The Dead Sea—A Natural Wonder of the World


Dead SeaHere’s a riddle for you: A man who could not swim fell off a boat in the middle of the sea without a life preserver. No one noticed him missing for 30 minutes. They found him and saved him. How was it he didn’t drown?

Of course, the answer is that he fell into the Dead Sea.

Located 429 meters below sea level, and 304 meters deep, the Dead Sea is the lowest point and the deepest hypersaline lake in the world. With a 34.2% salinity, it is 9.6 times saltier than the ocean and its density of 1.24kg/liter is the reason why our non-swimmer would float instead of drowning.

Sitting between Israel and Jordan, the Dead Sea is 50 kilometers long and, at its widest point, 15 kilometers wide.

Rich with minerals, the Dead Sea was a spa for Herod the Great, a source of asphalt for Egyptians, and today it provides potash for fertilizers. It is no wonder that the Dead Sea is considered by many one of the Natural Wonders of the World. [1]

The Shrinking Sea

The main tributary of the Dead Sea is the Jordan River. Since the 1960’s Israel and Jordan have been diverting the Jordan River away from the Dead Sea for drinking water, agricultural irrigation, and other commercial uses. In addition, the mining of minerals has drained a serious portion of the Dead Sea.

By 2015 the Dead Sea’s level had dropped more than 30 meters since the mid 1970’s and it is currently dropping at the rate of over a meter a year. [2]

With the completion of the Degania and Alumot dams there has been virtually no water flowing from the Jordan River to replenish the Dead Sea. In fact the problem is so serious that the sea actually divided into two parts, with the southern part used as a source of potash for both Israel and Jordan. [3]

Sink Holes—The Dead Sea’s Deadliest Dilemma

As the salty water recedes, fresh ground water is dissolving layers of salt and causing holes in the sea above which sinkholes are formed.

Today, there are an estimated 4,000 to 5,000 sinkholes. According to Eli Raz from the Dead Sea and Arava Research Center while many of the sinkholes are small, there are others that can reach a size of 25 meters deep and 40 meters wide.

Not only is this a danger for bathers and buildings around the Dead Sea, there is a potential danger to Route 90 that continues south to the city of Eilat. There have alreay been signs of crackingand dipping on the eastern bank of the highway.[4]

For some amazing aerial footage of the Dead Sea’s sinkholes, click HERE.

The Red Sea-Dead Sea Conduit (RSDSC)

After decades of talks, in December 2015 an agreement was signed between Jordan, the Palestinian Authority and Israel to build a pipeline from the Red Sea to the Dead Sea. It was hailed as a win/win/win agreement.  In addition to replenishing the Dead Sea it would include a hydroelectric factory and desalinaton plant that would serve both Aqaba in Jordon and Eilat in Israel. The Israeli Minister of Energy and Water Preservation at the time, Silvan Shalom, stated that this was the most important agreement since the signing of the peace treaty with Jordan. [5] However, due to ensuing political tensions between Jordan and Israel,18 months later the10 billion dollar project still has not started. [6] The official Israeli position concerning the RSDSC is that it is still alive and kicking, but there is still no date to start the project.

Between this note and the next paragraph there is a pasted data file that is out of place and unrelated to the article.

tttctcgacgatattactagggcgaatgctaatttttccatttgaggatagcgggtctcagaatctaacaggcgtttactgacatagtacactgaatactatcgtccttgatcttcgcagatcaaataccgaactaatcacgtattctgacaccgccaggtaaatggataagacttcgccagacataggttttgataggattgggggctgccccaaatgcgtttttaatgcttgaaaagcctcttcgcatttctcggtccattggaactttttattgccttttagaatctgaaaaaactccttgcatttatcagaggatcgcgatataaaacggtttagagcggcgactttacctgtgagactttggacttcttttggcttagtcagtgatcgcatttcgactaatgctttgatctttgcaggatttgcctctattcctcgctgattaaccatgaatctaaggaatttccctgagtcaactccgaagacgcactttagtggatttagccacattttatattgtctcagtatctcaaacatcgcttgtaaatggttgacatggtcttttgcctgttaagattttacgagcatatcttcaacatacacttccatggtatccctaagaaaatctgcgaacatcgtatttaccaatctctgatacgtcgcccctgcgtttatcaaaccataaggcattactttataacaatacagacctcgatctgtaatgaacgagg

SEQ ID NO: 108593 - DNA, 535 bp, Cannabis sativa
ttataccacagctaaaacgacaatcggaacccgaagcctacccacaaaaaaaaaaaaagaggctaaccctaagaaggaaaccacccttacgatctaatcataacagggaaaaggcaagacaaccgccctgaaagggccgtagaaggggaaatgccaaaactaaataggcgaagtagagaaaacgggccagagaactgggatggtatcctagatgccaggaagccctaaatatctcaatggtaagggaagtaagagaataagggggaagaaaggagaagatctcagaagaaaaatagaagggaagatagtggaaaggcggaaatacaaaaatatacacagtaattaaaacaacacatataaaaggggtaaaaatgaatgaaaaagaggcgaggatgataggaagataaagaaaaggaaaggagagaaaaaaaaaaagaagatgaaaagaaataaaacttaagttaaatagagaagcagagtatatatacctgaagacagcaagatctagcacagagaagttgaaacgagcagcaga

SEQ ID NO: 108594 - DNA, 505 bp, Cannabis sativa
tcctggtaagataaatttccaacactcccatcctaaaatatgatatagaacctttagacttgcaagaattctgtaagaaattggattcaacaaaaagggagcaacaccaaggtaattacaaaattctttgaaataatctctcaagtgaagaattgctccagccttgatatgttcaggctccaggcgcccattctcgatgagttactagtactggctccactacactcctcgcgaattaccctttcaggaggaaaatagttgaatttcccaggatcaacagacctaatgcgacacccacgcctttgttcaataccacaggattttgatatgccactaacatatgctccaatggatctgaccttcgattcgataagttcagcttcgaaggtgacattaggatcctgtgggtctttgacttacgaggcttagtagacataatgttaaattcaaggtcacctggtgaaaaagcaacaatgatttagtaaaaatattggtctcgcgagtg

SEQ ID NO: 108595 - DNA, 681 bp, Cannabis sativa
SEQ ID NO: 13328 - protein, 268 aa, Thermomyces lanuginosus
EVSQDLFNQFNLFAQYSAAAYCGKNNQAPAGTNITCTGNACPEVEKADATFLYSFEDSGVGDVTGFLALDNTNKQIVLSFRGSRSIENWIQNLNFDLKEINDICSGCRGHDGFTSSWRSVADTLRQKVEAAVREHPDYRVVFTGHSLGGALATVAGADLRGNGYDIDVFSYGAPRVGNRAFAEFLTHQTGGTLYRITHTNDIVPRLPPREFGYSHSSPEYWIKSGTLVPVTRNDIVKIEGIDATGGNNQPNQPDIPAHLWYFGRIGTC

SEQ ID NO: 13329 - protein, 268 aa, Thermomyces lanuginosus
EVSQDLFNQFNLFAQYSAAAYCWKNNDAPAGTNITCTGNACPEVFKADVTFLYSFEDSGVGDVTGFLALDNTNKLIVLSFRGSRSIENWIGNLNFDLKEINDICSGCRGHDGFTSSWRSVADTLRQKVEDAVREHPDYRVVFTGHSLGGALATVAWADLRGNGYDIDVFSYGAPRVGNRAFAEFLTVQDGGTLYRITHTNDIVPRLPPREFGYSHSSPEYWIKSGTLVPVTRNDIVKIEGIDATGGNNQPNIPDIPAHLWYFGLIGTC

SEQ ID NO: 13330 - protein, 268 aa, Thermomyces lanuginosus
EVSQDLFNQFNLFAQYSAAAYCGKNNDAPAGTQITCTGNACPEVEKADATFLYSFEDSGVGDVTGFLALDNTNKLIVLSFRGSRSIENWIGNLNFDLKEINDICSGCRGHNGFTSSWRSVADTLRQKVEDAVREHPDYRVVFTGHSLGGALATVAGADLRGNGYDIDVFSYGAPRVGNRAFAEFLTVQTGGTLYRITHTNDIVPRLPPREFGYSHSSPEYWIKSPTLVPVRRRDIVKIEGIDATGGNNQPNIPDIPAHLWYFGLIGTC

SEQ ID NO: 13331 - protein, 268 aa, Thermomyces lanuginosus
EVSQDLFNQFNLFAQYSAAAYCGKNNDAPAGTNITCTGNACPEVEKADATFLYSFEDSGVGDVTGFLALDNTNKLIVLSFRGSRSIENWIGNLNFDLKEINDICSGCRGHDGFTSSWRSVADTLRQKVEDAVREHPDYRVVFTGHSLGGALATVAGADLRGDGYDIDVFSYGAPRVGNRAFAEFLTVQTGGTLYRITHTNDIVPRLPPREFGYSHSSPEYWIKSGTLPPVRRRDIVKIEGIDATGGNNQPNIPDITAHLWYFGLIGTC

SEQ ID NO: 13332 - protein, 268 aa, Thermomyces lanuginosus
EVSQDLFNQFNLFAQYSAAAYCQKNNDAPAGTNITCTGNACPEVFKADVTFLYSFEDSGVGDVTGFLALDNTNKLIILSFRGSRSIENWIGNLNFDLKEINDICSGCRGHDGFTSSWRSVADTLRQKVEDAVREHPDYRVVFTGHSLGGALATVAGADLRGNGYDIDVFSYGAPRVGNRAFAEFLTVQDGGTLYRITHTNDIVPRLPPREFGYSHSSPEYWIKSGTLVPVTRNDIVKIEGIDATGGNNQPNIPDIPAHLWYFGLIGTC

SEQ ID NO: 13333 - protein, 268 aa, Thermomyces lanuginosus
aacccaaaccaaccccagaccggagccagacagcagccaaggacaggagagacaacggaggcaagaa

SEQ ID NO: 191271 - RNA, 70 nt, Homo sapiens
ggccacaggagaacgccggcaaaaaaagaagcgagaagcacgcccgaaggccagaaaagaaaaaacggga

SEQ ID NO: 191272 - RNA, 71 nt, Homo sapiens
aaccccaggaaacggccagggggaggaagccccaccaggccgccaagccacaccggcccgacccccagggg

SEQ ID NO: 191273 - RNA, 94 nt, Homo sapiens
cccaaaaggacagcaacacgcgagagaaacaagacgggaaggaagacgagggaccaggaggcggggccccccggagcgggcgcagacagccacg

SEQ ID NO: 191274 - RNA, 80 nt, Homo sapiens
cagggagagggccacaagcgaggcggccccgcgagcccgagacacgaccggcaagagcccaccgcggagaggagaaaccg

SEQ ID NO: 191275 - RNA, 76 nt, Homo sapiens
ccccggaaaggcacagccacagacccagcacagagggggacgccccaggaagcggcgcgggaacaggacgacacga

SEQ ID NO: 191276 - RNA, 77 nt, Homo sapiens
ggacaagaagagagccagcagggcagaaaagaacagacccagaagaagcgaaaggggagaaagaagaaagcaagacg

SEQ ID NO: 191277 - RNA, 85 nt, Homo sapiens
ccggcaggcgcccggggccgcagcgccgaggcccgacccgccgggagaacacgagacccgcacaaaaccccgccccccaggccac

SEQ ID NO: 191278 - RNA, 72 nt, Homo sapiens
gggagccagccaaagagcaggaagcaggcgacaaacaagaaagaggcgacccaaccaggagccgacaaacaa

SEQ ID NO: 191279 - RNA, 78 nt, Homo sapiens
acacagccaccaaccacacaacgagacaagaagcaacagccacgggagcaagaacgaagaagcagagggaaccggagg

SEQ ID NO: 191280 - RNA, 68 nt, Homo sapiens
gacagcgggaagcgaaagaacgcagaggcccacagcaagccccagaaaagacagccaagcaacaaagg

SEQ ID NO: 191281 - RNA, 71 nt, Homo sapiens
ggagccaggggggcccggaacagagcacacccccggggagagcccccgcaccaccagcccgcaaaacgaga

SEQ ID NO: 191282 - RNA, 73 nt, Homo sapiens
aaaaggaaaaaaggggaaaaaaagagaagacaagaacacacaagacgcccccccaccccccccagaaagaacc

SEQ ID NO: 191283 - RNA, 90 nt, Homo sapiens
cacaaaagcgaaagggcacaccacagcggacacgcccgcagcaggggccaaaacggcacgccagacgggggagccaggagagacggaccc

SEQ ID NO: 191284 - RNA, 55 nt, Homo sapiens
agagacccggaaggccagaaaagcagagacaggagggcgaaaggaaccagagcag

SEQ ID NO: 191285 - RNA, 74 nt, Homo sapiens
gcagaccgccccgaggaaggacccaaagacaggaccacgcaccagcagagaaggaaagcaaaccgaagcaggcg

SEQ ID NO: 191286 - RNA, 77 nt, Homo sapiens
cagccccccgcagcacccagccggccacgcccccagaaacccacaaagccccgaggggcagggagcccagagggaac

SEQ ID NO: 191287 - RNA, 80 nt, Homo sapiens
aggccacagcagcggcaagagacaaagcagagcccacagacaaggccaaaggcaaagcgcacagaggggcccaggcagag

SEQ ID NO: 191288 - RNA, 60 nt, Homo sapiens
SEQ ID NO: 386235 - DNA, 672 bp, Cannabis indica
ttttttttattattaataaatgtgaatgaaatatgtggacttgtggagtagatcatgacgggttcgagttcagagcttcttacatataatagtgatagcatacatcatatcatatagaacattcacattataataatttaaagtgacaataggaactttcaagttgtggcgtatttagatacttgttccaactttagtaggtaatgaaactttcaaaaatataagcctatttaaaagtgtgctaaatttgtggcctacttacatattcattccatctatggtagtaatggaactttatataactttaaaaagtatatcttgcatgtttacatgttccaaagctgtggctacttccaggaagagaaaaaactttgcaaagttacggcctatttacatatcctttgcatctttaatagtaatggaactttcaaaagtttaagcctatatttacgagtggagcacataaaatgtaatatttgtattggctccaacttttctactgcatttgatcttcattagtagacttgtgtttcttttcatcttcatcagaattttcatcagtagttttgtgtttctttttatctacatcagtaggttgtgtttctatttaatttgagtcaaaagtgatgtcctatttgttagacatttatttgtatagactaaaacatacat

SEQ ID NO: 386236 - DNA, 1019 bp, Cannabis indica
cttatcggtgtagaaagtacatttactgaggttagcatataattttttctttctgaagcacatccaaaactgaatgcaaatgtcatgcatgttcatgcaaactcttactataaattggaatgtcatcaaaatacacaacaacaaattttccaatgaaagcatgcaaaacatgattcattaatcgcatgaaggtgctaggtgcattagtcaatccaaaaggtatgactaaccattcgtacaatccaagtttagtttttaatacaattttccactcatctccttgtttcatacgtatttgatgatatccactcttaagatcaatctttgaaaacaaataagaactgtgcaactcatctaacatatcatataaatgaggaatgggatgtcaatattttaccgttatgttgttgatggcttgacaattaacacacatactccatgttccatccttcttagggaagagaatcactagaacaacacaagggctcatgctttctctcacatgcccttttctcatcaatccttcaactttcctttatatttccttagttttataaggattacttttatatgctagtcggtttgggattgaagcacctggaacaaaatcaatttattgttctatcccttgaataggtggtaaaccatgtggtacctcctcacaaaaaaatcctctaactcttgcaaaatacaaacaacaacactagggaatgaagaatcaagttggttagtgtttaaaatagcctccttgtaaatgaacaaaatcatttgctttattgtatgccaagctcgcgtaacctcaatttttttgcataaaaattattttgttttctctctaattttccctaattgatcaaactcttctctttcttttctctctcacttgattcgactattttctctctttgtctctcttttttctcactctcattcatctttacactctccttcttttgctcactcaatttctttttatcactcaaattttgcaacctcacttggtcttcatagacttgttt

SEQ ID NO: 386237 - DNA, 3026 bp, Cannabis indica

Environmentalist Concerns

There are enviromentalists that have been against the RSDSC project from the beginning, for a number of reasons. For example, according to Gidon Bromberg, Co-Director of EcoPeace, an enviromentalist group from Israel, Jordan and Palestine, by the time the water travels through the proposed 227 kilometer pipeline, the amount of water added to the Dead Sea will be hardly a trickle.[7]

Bromberg suggests that there are alternatives to the expensive and inefficient pipeline that would be uphill halfway to reach the lowest point in the world. By building more desalination plants in Israel, the need for fresh water from the Sea of Galilee would diminish, allowing the opening of the dams that prevent the Jordan River from flowing into the Dead Sea. Or, while there is a lot of work involved in cleaning the Jordan River, it would be environmentally safer and more economical than the proposed pipeline. [7]

Final Note

It is not important if the solution to the shrinking Dead Sea and its surrounding sinkholes is the RSDCS or the re-opening of the Jordan River. The point is that if a solution is not found, then this amazing wonder of nature will be nothing more than a large salt pit.


[1] New 7 Wonders of Nature, Dead Sea, January, 2018
[2] Kenneth Pletcher, Encyclopdia Britannica, Dead Sea, May 1, 2018
[3] Sonia Gorodeisky, Dead Sea level falling 1.2 meters per year, February 13, 2018
[4] Tanya Lewis, Why Dangerous Sinkholes Keep Appearing Along the Dead Sea, April 6, 2017
[5] Justin Jalil, Dead Sea Sinkholes growing at alarming rate, March 21, 2015
[6] Hussam Hussein, Is the Red Sea – Dead Sea canal project still happening?, January 18, 2018
[7] Melanie Lidman, Experts say Red Sea – Dead Sea pipeline isn’t worth its salt, August 16, 2017


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